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A poppy post-tropicalia torch singer in the mould of Maria Bethania, Simone was a somewhat softer and less dynamic vocalist, and tended to stick with easier, more relaxed arrangements that wouldn't compete with her voice. It's the sort of smooth, jazz-tinged MPB that many associate with Brazil in the early '80s. I'm not a huge fan, but I've listened to enough albums (I guess...) to set aside some space for her work.


Simone "Simone" (EMI-Odeon, 1972)

Simone/Various Artists "DISCOS ODEON - AO VIVO" (Odeon, 1973)
A live showcase for some of the lesser-known artists on the Odeon label, including singers Ari Vilela, Marcia, and jazz vocalist Leny Andrade...

Simone/Roberto Ribeiro/Joao De Aquino "A Bruxelles" (EMI-Odeon, 1973)
A live album, split between Simone and old-school sambista Roberto Ribeiro.

Simone "Quatro Paredes" (EMI-Odeon, 1974)
The stylistic debt to Maria Bethania is still very apparent here, but pleasantly so... Simone is much less brusque and expansive, and much more understated; anyone wishing for less bombast in Bethania's work might find themselves drawn to these early albums of Simone's... Musically, this combines torchsong MPB with light, imagininative touches of jazz fusion instrumentation (mainly the keyboards), along with mild hints of forro and Argentine tango... The Brazilian samba is almost nowhere to be heard here, at least not overtly. The material is interesting too: several songs by the up-and-coming Joao Bosco, one by Caetano Veloso, and a curiously slowed-down version of the Luiz Gonzaga forro standard, "Que Nem Jilo." This is such a relaxed, almost lethargic, album that you can understand why this material is seldom anthologized in favor of her later, more dynamic recordings. It's a pity, though, because this early stuff is much more engaging and soulful.

Simone "Gotas D'Agua" (EMI-Odeon, 1975)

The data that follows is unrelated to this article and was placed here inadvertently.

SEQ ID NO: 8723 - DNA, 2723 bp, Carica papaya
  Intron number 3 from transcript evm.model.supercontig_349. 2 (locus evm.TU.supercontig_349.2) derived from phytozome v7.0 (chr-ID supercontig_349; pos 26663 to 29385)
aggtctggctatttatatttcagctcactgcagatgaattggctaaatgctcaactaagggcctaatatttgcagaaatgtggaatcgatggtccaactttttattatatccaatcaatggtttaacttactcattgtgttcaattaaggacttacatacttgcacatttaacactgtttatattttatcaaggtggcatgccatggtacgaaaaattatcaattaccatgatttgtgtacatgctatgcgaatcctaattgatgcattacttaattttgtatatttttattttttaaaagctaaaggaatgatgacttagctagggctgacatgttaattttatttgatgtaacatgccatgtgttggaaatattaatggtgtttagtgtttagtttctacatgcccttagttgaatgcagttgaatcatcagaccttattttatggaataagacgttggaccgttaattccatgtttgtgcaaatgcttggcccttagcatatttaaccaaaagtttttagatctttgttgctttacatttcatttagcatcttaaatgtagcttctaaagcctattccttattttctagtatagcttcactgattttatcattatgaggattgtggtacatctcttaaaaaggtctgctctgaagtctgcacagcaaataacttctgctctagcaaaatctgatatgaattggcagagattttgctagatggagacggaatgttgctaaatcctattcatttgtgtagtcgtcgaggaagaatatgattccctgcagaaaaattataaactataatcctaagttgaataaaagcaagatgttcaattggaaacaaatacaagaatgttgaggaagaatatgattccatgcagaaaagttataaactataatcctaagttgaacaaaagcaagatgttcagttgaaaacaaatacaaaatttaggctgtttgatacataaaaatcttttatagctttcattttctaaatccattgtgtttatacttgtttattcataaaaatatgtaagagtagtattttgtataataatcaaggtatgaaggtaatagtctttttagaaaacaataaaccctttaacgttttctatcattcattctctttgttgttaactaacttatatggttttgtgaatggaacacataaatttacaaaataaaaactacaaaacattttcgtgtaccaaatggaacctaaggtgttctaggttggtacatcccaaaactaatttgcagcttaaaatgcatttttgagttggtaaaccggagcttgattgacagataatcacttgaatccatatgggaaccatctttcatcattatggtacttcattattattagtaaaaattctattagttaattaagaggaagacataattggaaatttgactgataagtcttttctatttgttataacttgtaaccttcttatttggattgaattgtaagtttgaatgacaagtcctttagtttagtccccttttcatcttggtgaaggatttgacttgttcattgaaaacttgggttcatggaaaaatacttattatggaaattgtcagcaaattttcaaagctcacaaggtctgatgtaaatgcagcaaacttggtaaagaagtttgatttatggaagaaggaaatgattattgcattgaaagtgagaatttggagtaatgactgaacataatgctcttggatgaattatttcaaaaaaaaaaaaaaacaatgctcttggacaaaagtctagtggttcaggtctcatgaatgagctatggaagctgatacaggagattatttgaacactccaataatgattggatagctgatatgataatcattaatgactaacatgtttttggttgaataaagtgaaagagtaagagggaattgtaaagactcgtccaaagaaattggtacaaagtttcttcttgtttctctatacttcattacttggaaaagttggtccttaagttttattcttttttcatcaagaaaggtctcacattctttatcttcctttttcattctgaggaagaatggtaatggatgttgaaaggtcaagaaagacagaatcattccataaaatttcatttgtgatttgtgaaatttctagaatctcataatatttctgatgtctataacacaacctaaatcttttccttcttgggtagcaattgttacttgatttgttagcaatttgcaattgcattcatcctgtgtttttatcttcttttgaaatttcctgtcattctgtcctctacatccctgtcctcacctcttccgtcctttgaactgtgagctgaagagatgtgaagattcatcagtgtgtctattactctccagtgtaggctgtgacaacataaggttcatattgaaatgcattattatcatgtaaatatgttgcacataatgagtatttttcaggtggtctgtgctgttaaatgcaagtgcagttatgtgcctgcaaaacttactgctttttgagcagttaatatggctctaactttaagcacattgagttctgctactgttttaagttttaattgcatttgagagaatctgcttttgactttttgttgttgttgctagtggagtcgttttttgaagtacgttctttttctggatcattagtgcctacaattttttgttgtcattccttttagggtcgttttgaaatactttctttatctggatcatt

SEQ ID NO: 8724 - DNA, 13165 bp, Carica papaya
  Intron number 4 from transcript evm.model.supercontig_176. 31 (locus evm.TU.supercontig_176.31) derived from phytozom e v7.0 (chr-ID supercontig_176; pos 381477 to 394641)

(Produced by Herminio De Carvalho & Milton Nascimento)

Classic, standard-issue 1970s MPB, with a sleek, sometimes challenging mix of pop, rock, jazz and samba... Milton Nascimento figures prominently here: he duets with her on the title track, and she sings two of his songs, along with material from other up-and-coming MPB composers, folks such as Danilo Caymmi, Luiz Gonzaga Jr., Joyce and Joao Bosco... Even more noteworthy is the band that's backing her: pianist/arrangers Luiz Eca and Wagner Tiso, Abel Ferreira, Beto Guedes, Toninho Horta, Paulo Moura, Dino 7 Cordas, and a host of other top-flight players are on here, with cameos by Bosco and Nascimento thrown in for good measure. It's all very A-list and well-produced -- Simone's jazzy, declarative style might not be for everyone, but if you're into the classic MPB style, this is a very strong album.

Simone "Face A Face" (EMI-Odeon, 1977)

Simone "Cigarra" (EMI-Odeon, 1978)
A challenging, often difficult MPB set, with experimental touches such as keening, unresolved string arrangements that pierce through the songs and refuse to fade away... Simone's vocals are also very adventurous and

Simone "Pedacos" (EMI-Odeon, 1979)
She makes a pretty good foil for the elaborately orchestrated pop of Ivan Lins and Vitor Martins, covering a couple of their songs along with those of Chico Buarque and Milton Nascimento. Pretty standard material; the album starts off with some punchy arrangements, then settles into a bit of a rut. Compared to later work, she's still kind of on a creative upswing, but this is right about where it starts to go downhill.

Simone "Ao Vivo" (EMI-Odeon, 1980)
A live show, recorded at the end of 1979. Her voice is marvellous -- strong, confident, earthy -- but the material is not my cup of tea; fairly cluttered jazz-pop MPB, including several songs by Ivan Lins, and a swift quote of Ary Barroso's "Brasil"... This is a good showcase for her style -- the question is whether you like it or not. I tilt slightly against this one. (Although I still kept my copy!)